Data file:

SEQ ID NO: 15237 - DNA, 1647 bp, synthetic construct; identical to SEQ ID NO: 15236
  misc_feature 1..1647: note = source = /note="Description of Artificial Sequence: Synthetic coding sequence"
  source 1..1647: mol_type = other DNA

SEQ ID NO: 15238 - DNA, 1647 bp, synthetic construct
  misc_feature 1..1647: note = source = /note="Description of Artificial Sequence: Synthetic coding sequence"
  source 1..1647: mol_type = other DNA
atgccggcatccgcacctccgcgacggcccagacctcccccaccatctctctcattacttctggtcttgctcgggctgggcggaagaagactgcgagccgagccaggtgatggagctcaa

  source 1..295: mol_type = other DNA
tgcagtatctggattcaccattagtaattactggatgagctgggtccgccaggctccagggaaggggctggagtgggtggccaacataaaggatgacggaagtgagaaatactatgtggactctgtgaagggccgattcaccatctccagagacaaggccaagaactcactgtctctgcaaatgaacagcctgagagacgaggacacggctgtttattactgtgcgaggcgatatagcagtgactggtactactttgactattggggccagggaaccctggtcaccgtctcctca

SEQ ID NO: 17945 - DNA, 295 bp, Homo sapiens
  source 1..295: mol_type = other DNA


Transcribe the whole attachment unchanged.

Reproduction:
SEQ ID NO: 15237 - DNA, 1647 bp, synthetic construct; identical to SEQ ID NO: 15236
  misc_feature 1..1647: note = source = /note="Description of Artificial Sequence: Synthetic coding sequence"
  source 1..1647: mol_type = other DNA

SEQ ID NO: 15238 - DNA, 1647 bp, synthetic construct
  misc_feature 1..1647: note = source = /note="Description of Artificial Sequence: Synthetic coding sequence"
  source 1..1647: mol_type = other DNA
atgccggcatccgcacctccgcgacggcccagacctcccccaccatctctctcattacttctggtcttgctcgggctgggcggaagaagactgcgagccgagccaggtgatggagctcaa

  source 1..295: mol_type = other DNA
tgcagtatctggattcaccattagtaattactggatgagctgggtccgccaggctccagggaaggggctggagtgggtggccaacataaaggatgacggaagtgagaaatactatgtggactctgtgaagggccgattcaccatctccagagacaaggccaagaactcactgtctctgcaaatgaacagcctgagagacgaggacacggctgtttattactgtgcgaggcgatatagcagtgactggtactactttgactattggggccagggaaccctggtcaccgtctcctca

SEQ ID NO: 17945 - DNA, 295 bp, Homo sapiens
  source 1..295: mol_type = other DNA